Flyers decrying 'anti-white propaganda' found in Hamilton
Flyers linked to alt-right blog found in Westdale neighbourhood, McMaster University
Flyers lamenting "anti-white propaganda" were found in Hamilton's Westdale neighbourhood Monday morning. Students are also reporting seeing them on campus at McMaster University.
Eva Salinas discovered three flyers taped to poles on King Street West around 9 a.m., just after she dropped her son at school.
Each one read: "Tired of anti white propaganda? You are not alone." The flyers also included a maple leaf and a QR code that people could scan with their smart phones.
It's not so blatant as to be saying 'we're anti-newcomer.' It's trying to speak to a white population that feels like it might be wronged.- Eva Salinas
"I was disgusted. My son goes to school right in front of there," said Salinas, the managing editor for international affairs website OpenCanada.org. "I didn't want to see that in my neighbourhood.
"But I know these kinds of sentiments exist here."
Similar flyers have popped up in other cities across North America, and link to an extreme alt-right blog. The blog is full of racist overtones, and equates racial pride with patriotism.
Scott Hastie, the editor in chief of McMaster University's student newspaper, tweeted pictures of the flyers, saying one was taped to The Silhouette's office door.
The "alt-right" has hit <a href="https://twitter.com/McMasterU">@McMasterU</a> campus. Posters found on walls and <a href="https://twitter.com/theSilhouette">@theSilhouette</a>'s office door. <a href="https://t.co/hRGaCQ3bcD">pic.twitter.com/hRGaCQ3bcD</a>—@Scott1Hastie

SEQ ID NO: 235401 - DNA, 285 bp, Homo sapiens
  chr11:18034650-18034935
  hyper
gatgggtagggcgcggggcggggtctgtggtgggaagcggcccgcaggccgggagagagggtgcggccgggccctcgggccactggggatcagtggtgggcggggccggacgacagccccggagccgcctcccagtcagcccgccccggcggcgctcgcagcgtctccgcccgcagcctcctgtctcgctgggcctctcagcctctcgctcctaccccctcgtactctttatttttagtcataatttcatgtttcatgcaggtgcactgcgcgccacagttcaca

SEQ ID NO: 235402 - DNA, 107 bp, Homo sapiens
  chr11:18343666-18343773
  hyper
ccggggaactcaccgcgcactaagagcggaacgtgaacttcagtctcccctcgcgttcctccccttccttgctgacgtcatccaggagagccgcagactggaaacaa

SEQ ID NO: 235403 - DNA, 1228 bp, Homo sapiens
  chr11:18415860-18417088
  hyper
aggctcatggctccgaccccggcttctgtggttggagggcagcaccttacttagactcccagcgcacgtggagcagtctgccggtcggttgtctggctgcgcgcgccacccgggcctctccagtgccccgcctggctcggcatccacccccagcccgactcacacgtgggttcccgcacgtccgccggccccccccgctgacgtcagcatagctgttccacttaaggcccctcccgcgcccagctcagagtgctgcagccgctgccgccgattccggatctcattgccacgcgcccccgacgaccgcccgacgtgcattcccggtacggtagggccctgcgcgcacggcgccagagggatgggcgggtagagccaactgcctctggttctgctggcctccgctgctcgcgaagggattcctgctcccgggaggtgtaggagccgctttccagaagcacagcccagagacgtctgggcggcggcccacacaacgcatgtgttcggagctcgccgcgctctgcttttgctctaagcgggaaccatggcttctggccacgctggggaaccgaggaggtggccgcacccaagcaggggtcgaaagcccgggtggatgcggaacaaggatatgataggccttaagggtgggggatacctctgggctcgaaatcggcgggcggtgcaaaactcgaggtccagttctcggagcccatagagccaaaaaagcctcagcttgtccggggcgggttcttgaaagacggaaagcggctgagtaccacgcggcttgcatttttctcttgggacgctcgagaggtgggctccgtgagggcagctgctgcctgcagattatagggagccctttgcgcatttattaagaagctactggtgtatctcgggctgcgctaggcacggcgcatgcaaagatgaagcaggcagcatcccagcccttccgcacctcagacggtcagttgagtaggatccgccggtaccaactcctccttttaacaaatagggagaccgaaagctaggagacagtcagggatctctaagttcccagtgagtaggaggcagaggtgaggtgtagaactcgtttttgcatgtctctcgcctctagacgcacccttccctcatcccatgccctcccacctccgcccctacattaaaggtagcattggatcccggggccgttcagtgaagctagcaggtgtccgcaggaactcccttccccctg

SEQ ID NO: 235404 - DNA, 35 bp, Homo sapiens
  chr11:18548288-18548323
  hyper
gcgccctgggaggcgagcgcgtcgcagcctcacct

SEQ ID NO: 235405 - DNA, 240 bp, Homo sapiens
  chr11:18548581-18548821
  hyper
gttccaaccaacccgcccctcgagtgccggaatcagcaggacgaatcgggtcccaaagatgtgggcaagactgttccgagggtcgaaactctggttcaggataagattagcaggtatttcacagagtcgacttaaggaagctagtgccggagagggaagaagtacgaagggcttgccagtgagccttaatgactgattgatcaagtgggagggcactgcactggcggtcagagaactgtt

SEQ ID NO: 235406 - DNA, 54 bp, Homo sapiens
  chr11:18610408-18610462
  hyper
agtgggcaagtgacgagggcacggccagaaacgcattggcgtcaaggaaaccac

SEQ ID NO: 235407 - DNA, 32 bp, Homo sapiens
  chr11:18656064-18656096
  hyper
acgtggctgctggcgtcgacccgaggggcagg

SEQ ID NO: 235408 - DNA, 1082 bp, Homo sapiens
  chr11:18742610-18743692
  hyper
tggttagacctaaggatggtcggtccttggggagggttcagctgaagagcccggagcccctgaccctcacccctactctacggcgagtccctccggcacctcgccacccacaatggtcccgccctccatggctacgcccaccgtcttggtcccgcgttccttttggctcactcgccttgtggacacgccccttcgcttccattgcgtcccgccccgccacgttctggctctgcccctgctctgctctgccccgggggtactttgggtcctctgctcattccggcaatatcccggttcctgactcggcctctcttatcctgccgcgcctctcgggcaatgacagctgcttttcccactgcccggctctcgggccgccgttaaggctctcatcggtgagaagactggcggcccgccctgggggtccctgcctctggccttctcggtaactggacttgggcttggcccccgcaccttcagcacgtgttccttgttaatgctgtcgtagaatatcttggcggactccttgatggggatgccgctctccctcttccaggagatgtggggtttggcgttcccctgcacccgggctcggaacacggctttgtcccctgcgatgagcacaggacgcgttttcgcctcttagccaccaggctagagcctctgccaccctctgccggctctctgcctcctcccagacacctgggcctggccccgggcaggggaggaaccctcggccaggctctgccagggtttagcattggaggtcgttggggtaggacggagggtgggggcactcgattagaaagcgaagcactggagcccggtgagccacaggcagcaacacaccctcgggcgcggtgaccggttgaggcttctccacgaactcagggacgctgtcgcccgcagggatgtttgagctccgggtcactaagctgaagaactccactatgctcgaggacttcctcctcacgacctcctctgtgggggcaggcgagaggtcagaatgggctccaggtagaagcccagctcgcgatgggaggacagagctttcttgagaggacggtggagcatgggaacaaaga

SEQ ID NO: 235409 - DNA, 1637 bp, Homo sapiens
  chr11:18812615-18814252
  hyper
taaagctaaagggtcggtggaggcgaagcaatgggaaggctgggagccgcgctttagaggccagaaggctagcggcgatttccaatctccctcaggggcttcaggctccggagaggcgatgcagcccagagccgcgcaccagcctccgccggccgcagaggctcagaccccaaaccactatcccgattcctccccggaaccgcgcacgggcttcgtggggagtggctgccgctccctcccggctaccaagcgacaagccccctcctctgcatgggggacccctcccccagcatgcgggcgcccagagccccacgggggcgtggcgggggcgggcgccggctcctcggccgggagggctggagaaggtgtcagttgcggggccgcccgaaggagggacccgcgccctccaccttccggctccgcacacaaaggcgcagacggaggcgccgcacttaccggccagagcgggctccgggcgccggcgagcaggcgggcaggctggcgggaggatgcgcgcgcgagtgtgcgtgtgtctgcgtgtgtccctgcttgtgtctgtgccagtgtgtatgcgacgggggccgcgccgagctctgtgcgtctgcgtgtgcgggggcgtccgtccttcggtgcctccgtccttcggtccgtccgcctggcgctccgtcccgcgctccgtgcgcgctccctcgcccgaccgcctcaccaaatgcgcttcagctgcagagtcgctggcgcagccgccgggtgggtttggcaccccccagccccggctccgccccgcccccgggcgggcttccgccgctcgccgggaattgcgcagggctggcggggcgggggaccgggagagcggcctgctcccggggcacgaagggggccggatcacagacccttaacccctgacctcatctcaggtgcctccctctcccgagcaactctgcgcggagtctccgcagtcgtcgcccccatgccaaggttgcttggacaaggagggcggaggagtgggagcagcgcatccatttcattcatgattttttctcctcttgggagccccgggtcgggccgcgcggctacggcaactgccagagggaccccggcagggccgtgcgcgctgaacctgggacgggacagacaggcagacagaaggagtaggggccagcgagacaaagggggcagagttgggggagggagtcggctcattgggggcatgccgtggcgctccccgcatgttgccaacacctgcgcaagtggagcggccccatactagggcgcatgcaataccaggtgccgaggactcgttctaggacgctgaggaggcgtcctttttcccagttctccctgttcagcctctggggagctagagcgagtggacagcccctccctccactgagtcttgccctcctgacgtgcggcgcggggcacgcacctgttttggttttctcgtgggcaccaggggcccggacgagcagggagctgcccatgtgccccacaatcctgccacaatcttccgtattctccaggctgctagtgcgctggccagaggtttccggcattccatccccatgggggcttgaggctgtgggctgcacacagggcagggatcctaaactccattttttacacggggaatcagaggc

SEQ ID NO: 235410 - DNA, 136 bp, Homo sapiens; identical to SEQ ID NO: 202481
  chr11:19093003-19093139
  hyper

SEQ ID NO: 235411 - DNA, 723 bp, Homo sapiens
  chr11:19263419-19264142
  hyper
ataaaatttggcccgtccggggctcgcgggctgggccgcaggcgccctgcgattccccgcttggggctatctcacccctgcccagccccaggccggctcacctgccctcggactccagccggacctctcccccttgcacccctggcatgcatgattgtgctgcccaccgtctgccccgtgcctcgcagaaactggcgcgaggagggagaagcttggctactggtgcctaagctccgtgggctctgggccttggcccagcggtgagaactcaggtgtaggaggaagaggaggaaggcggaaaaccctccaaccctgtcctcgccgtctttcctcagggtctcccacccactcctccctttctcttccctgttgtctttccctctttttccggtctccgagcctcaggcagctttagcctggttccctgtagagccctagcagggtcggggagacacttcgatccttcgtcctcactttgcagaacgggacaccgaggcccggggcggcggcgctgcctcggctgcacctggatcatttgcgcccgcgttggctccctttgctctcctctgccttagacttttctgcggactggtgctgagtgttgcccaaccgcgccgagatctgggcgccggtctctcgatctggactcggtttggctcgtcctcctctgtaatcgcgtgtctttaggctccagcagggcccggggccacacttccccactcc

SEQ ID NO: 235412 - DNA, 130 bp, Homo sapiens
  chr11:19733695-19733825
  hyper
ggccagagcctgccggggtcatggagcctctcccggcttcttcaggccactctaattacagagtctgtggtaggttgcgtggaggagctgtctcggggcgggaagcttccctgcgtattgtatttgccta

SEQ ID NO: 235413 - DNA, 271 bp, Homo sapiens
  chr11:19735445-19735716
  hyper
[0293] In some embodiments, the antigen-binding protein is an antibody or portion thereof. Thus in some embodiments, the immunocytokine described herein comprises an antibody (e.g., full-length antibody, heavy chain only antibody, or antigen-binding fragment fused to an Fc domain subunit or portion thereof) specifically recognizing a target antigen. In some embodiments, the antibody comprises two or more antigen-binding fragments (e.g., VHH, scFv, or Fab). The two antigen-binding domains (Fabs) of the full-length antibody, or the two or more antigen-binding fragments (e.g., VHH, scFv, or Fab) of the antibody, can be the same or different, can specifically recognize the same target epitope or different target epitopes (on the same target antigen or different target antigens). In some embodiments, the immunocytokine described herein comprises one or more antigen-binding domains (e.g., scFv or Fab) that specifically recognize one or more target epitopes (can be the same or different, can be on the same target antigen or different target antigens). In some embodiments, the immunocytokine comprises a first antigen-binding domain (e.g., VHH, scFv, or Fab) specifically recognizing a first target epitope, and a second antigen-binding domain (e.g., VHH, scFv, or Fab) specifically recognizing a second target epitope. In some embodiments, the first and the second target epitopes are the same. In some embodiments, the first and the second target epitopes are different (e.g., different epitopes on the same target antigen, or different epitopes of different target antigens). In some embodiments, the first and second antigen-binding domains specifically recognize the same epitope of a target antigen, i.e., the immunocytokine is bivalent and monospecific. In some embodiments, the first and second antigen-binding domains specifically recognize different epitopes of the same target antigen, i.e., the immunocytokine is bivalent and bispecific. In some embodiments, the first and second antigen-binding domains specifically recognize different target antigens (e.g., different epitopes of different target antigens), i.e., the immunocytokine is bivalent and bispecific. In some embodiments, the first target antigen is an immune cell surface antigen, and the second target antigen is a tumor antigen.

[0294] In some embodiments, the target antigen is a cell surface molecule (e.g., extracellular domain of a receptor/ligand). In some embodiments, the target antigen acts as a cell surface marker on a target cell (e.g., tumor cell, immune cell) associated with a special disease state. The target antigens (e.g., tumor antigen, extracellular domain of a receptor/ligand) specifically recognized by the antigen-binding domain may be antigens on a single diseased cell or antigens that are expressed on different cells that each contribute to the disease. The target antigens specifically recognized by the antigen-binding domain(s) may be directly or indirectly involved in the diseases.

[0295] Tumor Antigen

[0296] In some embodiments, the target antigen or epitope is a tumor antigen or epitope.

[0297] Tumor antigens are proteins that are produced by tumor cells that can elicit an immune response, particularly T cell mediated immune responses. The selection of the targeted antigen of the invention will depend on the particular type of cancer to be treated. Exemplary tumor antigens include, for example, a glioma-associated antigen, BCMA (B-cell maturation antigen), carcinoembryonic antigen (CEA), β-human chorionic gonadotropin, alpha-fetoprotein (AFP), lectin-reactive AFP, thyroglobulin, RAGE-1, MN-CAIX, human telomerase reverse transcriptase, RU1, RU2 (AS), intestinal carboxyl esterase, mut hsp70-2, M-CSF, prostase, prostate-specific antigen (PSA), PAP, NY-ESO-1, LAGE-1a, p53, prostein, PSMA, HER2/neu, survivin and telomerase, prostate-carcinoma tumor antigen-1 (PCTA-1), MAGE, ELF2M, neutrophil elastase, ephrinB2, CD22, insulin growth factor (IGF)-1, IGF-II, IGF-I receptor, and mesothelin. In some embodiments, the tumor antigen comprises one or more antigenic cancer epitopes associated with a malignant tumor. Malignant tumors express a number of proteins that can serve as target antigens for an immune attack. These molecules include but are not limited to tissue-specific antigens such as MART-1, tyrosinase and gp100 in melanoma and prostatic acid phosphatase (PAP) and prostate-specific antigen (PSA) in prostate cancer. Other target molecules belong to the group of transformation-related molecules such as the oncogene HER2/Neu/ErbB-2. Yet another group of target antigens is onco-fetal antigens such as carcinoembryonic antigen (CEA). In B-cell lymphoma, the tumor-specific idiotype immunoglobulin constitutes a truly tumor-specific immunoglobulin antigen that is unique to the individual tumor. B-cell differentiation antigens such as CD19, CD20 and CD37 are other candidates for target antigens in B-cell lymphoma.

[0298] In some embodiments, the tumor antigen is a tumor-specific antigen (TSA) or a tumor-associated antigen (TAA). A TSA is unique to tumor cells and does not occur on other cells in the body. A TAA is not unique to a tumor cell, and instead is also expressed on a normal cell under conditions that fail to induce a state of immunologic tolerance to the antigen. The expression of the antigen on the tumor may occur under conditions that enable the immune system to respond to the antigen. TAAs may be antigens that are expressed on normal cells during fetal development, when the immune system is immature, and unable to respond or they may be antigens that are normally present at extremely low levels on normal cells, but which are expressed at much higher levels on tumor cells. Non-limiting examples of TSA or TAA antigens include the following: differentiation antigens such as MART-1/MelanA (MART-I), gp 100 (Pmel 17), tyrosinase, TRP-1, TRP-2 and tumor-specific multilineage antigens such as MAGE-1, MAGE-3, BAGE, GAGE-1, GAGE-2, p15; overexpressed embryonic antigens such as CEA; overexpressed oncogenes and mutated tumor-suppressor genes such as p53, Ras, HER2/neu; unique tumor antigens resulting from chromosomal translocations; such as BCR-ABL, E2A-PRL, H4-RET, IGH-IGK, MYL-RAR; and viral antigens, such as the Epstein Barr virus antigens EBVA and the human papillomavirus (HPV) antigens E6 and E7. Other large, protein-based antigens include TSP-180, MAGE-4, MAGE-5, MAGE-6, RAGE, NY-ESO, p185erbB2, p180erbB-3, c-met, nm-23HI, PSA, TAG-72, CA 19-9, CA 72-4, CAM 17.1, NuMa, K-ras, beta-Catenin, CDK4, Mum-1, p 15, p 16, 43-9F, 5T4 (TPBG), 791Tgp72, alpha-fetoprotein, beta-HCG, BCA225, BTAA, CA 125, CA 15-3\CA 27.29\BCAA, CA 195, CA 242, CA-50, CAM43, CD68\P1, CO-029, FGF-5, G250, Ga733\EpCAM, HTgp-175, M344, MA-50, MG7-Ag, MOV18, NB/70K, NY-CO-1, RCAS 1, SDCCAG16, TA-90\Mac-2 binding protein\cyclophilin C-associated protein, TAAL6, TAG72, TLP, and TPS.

University spokesperson Wade Hemsworth told CBC News that the university found out about the posters Monday morning.
"Once we were made aware, the posters were immediately removed," he said.
"McMaster is a community that promotes an inclusive and welcoming environment, and that's why they were taken down."
Mayor Fred Eisenberger denounced the message being spread. "It's a worry. Surely people don't have a license to spread hate and the kind of racism and division we've seen rise to the surface. It's not OK to express that and it's not OK to have that kind of view in our modern society."
In the weeks since Donald Trump's victory in the U.S. presidential election, several incidents of racism have been reported in Canada. "That's not a coincidence, at all," Salinas said.
Last week in Toronto, posters that read "Tired of political correctness? Wondering why only white countries have to become 'multicultural'?," were found glued to poles in the city.
In Ottawa, a teen was arrested in connection with a spate of racist graffiti that included spray-painting swastikas on the doors of a synagogue.
In Hamilton, one woman reported being subjected to racist treatment while in a checkout line in a local store.
Salinas says that posters like these are subversive, but still racist, nonetheless.
"It's not so blatant as to be saying 'we're anti-newcomer,'" she said. "It's trying to speak to a white population that feels like it might be wronged," she said.
"Every day is a whiteness day … this is the default privileged position in our society."